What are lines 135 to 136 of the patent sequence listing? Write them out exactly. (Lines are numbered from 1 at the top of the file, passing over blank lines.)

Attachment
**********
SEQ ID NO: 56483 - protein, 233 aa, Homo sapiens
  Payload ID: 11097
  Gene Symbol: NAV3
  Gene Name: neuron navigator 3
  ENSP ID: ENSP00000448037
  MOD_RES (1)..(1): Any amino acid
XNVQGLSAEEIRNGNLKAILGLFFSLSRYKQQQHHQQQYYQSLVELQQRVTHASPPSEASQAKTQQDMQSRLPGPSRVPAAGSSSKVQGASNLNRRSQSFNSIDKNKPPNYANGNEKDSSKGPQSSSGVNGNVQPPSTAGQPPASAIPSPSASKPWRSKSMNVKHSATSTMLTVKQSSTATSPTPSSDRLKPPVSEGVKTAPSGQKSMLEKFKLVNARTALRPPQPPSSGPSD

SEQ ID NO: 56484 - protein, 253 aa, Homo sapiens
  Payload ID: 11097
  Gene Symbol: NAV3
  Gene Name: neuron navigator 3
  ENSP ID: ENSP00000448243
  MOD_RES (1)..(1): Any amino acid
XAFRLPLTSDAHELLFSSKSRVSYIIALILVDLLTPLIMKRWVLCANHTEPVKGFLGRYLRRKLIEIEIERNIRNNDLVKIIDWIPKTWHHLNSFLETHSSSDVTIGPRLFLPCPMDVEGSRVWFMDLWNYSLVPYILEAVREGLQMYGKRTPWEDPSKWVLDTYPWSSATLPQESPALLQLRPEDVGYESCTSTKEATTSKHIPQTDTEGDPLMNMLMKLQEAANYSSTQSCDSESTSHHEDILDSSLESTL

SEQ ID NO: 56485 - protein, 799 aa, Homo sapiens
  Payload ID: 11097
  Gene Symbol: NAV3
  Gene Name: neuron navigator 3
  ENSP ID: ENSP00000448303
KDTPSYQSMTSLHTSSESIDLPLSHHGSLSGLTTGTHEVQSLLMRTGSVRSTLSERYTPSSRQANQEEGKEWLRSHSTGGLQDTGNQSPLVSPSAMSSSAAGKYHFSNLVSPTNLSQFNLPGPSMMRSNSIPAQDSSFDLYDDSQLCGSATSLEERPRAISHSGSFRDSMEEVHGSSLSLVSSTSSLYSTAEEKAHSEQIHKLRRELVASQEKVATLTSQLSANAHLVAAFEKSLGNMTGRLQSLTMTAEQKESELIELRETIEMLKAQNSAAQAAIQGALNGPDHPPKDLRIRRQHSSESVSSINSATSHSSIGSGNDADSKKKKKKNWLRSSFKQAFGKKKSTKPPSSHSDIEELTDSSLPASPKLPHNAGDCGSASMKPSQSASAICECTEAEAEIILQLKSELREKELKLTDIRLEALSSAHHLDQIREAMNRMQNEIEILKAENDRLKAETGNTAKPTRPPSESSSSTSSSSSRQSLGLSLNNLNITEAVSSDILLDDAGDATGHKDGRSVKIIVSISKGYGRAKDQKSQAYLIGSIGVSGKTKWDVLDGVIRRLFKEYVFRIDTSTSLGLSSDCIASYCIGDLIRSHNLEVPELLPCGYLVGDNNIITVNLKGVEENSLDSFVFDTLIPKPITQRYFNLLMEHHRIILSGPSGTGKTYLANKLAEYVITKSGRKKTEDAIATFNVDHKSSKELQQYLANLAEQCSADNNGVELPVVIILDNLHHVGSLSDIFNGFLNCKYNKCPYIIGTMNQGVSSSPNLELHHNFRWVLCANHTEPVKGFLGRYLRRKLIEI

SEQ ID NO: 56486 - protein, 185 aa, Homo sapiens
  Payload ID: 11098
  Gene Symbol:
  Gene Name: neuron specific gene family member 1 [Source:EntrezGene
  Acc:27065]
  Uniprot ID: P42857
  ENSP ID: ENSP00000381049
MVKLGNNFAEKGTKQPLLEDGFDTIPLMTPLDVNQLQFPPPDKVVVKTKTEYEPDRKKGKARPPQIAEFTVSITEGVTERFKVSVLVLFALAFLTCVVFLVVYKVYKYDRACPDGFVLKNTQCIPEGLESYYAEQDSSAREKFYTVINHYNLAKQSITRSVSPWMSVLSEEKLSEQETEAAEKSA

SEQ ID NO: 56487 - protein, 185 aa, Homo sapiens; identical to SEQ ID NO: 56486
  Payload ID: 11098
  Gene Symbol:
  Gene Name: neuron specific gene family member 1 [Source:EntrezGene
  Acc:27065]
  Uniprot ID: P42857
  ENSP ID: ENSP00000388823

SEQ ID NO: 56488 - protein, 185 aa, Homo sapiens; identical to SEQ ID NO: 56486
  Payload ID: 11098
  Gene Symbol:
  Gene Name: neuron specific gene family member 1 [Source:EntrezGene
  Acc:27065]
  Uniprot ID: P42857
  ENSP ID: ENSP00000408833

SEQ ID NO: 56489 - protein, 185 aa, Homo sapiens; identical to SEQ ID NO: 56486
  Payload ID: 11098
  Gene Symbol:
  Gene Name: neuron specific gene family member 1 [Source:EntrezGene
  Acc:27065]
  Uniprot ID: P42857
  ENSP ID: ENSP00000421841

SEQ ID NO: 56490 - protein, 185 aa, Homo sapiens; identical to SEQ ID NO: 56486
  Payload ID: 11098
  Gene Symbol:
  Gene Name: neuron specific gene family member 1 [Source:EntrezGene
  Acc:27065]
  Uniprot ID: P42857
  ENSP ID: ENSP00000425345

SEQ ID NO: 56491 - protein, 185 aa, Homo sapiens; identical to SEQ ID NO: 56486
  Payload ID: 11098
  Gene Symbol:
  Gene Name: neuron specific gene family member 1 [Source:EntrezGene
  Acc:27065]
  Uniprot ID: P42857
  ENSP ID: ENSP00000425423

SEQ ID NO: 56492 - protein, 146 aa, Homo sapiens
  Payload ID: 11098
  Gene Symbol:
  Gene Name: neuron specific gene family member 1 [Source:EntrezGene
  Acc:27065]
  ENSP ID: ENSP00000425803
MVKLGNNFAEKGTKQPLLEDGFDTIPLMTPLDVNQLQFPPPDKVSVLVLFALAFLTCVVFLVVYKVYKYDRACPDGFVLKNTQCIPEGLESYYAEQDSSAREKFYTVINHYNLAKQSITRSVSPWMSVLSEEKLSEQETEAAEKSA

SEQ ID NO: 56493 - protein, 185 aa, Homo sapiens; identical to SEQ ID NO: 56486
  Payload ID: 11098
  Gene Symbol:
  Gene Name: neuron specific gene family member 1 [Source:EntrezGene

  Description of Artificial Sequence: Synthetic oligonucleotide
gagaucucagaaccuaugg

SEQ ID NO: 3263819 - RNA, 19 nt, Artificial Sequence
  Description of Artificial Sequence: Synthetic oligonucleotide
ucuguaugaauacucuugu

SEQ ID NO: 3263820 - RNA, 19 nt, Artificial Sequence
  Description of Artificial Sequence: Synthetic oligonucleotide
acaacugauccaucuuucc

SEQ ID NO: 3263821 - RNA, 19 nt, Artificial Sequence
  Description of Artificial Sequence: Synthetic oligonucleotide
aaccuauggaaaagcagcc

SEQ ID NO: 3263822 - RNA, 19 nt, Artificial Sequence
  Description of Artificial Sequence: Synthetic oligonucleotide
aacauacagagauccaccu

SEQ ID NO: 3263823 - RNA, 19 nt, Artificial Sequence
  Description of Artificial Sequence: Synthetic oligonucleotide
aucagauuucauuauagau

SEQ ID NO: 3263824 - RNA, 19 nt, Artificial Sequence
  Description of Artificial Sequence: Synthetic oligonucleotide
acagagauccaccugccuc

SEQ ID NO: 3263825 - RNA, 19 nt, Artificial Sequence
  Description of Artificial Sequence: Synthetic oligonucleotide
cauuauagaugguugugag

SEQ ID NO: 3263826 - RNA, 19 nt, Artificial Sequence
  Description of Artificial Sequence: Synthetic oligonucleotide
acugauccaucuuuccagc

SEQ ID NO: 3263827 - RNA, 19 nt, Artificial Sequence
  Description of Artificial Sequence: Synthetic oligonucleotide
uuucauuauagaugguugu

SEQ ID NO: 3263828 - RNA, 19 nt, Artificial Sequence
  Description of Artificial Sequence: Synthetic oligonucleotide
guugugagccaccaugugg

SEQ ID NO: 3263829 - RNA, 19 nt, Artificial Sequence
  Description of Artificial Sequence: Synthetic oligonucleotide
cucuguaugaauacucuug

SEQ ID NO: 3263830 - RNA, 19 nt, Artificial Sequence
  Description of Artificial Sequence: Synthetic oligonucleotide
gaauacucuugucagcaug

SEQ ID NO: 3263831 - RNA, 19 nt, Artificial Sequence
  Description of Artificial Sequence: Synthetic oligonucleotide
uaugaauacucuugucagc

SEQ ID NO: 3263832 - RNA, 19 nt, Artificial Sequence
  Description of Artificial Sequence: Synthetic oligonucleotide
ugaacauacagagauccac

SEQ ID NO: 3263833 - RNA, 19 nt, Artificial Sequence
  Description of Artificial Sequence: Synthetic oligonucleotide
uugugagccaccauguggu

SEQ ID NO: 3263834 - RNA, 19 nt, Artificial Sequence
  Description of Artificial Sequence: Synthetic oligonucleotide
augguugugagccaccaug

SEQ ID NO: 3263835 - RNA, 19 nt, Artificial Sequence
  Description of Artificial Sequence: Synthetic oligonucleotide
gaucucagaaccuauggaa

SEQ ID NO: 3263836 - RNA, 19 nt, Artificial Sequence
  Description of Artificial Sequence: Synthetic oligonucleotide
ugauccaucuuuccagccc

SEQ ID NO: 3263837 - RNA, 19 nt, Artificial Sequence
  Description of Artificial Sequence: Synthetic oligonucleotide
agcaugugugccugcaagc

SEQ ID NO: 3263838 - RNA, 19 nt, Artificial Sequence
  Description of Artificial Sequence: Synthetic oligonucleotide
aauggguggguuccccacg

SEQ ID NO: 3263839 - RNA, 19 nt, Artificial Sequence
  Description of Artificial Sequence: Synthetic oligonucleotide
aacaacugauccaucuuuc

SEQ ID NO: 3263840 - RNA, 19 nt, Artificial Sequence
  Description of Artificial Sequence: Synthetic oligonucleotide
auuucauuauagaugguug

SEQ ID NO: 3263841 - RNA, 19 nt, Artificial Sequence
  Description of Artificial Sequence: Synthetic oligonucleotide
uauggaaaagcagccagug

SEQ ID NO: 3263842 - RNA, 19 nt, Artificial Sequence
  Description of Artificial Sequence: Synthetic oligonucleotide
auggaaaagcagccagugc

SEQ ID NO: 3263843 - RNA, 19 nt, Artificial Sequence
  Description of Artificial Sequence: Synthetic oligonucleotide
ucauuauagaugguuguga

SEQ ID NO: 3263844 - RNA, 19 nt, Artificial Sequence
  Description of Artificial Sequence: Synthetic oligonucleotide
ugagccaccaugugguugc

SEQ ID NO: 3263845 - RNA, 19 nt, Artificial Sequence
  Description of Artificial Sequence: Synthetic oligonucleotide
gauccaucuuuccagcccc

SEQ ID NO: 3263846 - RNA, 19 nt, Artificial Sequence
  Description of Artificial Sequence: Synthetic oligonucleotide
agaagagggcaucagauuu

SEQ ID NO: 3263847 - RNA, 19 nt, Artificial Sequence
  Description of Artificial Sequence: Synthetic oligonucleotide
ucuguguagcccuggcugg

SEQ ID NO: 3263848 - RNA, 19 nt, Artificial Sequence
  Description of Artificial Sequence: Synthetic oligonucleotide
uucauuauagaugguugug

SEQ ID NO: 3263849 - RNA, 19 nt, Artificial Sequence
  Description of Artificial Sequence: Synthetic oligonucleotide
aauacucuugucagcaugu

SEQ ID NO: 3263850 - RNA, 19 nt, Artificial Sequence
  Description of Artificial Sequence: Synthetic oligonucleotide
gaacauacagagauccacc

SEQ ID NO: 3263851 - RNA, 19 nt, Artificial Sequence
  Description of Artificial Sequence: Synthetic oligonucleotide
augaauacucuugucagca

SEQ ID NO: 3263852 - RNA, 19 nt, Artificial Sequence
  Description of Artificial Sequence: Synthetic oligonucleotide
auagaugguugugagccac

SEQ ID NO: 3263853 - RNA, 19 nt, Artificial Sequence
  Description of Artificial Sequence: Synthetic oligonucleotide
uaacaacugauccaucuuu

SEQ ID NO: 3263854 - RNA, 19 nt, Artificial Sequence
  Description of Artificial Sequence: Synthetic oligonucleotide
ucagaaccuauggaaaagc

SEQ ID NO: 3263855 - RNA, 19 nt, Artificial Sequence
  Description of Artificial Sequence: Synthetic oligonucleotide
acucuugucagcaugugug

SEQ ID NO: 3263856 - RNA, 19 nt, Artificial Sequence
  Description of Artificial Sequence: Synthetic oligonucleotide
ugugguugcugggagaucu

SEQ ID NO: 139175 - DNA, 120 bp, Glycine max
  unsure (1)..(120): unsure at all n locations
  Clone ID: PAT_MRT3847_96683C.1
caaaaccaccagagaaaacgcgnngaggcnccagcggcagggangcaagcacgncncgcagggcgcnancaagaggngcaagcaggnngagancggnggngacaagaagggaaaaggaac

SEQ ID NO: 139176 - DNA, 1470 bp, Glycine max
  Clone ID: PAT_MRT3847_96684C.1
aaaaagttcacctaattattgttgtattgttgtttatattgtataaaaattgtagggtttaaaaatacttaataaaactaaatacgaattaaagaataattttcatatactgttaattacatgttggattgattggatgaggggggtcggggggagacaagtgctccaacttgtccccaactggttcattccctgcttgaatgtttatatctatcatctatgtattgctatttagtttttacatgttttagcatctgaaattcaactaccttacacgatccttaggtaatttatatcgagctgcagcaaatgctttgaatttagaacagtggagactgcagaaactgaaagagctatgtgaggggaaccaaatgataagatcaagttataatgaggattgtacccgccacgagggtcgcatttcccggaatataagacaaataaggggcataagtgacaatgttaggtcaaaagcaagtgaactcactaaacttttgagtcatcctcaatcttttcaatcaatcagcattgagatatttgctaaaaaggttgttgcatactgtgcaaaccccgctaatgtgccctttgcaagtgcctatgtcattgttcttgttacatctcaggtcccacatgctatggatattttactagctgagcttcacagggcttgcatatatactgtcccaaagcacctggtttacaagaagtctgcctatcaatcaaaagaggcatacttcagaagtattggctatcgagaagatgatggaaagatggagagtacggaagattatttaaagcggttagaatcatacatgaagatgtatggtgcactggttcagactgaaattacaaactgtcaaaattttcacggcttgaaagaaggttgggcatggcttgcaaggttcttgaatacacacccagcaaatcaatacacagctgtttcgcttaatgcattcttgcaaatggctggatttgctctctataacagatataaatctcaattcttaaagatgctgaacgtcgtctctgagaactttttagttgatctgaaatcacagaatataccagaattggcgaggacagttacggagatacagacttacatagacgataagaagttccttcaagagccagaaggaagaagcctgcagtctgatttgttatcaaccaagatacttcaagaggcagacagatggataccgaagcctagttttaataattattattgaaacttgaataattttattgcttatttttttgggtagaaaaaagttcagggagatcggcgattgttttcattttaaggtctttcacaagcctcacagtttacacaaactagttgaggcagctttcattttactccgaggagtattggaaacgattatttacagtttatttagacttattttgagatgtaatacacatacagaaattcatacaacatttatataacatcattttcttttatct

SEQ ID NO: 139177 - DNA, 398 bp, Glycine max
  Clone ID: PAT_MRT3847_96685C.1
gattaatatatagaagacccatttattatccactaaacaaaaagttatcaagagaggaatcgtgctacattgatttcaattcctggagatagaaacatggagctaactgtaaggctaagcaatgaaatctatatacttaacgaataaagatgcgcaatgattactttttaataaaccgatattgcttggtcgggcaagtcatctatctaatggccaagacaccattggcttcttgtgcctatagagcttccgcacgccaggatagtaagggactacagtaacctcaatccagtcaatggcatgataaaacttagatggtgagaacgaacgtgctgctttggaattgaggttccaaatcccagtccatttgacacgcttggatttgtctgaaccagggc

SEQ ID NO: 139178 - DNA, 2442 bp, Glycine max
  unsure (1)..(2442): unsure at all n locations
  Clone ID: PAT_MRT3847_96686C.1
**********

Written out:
  Description of Artificial Sequence: Synthetic oligonucleotide
aauggguggguuccccacg